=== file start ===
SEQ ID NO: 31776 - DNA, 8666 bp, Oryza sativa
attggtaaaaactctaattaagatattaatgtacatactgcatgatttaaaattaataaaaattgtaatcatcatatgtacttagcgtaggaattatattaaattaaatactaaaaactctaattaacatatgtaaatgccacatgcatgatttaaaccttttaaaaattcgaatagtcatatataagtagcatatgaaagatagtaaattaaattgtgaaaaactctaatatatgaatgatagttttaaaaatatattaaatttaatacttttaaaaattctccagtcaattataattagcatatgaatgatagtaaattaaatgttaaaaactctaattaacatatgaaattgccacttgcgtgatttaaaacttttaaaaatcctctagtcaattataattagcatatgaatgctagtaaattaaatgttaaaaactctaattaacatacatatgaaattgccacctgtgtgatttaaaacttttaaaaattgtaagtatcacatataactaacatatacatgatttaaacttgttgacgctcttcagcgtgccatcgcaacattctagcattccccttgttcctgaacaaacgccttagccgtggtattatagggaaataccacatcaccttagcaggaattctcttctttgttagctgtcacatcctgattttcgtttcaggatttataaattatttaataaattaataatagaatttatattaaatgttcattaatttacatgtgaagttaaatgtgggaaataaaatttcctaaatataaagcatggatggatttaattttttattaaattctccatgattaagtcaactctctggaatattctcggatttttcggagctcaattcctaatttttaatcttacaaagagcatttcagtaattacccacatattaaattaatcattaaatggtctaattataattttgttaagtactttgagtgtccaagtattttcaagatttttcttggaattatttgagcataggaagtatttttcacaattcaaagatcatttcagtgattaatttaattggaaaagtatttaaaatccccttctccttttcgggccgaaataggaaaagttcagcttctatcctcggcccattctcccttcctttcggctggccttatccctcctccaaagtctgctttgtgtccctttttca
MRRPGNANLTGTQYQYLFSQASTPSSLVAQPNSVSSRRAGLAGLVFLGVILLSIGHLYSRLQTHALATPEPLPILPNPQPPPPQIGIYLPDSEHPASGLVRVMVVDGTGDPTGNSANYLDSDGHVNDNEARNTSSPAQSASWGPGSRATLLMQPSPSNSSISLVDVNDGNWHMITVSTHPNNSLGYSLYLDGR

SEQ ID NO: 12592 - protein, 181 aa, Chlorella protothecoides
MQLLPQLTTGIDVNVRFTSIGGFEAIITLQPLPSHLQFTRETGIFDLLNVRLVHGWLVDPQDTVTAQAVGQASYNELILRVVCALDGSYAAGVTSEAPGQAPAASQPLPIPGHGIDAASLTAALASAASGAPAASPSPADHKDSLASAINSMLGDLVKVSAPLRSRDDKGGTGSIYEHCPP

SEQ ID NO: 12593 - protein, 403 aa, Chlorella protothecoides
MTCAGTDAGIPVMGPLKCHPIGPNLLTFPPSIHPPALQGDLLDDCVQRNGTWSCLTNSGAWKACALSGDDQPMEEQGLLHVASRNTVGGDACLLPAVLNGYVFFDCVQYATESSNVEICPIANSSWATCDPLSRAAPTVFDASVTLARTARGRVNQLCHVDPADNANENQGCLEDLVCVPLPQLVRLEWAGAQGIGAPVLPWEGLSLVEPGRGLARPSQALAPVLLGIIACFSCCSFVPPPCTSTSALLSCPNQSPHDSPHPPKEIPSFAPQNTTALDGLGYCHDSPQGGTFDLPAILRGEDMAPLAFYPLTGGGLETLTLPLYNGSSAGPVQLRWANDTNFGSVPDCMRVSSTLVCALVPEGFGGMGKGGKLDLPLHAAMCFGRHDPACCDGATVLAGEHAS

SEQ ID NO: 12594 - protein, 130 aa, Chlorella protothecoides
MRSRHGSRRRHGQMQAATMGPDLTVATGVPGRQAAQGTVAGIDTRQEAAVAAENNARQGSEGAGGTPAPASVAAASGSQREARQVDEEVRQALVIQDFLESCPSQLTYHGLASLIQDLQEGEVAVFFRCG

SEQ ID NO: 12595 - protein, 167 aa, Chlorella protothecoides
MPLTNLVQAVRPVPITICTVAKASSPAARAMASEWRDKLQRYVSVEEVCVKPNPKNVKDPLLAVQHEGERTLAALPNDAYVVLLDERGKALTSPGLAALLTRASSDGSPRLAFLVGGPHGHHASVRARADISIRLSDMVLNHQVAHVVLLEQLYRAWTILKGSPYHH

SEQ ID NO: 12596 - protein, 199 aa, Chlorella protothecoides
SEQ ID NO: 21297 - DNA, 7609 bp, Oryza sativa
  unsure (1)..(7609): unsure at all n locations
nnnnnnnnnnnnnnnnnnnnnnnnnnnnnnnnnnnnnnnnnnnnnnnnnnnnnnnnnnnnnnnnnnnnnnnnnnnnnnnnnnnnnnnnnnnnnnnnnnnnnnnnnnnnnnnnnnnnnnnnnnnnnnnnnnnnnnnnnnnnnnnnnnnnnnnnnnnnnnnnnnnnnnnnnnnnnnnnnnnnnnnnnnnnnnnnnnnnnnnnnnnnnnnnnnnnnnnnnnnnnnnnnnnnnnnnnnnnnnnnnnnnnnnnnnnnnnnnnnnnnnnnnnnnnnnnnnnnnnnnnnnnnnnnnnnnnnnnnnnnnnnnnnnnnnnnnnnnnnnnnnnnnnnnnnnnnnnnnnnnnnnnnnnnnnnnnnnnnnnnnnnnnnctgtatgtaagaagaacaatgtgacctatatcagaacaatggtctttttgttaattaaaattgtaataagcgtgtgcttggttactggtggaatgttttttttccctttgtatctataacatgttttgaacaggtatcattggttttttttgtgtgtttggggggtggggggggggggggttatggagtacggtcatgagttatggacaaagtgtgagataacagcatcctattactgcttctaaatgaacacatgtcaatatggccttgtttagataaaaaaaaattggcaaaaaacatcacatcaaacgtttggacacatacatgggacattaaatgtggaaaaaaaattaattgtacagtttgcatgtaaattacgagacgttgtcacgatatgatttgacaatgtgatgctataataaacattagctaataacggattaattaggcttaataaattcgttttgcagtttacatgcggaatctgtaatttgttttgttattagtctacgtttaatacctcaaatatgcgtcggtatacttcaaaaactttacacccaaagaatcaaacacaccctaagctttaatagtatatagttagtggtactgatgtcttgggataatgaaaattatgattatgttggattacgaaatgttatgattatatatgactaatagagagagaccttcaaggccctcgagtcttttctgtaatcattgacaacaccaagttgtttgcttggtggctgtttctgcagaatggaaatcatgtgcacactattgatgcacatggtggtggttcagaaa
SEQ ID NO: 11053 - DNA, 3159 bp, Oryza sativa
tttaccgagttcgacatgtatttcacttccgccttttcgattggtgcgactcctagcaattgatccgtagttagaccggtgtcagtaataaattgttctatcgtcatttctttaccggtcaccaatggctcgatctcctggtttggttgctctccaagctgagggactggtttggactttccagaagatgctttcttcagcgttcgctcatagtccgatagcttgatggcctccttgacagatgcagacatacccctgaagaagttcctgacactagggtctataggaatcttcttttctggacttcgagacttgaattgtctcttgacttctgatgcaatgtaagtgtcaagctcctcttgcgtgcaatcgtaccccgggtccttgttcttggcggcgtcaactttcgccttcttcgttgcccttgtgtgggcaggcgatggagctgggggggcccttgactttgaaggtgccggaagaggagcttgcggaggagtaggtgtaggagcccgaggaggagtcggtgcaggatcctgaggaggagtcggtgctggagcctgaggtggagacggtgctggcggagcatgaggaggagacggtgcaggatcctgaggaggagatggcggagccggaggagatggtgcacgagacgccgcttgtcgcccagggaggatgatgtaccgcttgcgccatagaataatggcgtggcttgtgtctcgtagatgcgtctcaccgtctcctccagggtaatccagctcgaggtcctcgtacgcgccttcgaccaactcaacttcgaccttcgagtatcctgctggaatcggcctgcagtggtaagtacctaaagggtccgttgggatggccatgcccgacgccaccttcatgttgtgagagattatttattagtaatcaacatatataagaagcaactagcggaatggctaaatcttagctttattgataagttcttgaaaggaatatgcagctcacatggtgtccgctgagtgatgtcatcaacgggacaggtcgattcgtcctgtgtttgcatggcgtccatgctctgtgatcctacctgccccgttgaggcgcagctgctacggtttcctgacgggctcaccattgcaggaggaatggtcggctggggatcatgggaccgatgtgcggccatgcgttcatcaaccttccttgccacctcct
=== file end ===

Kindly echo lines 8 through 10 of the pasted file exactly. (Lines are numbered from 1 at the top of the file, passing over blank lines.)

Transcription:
SEQ ID NO: 12594 - protein, 130 aa, Chlorella protothecoides
MRSRHGSRRRHGQMQAATMGPDLTVATGVPGRQAAQGTVAGIDTRQEAAVAAENNARQGSEGAGGTPAPASVAAASGSQREARQVDEEVRQALVIQDFLESCPSQLTYHGLASLIQDLQEGEVAVFFRCG

SEQ ID NO: 12595 - protein, 167 aa, Chlorella protothecoides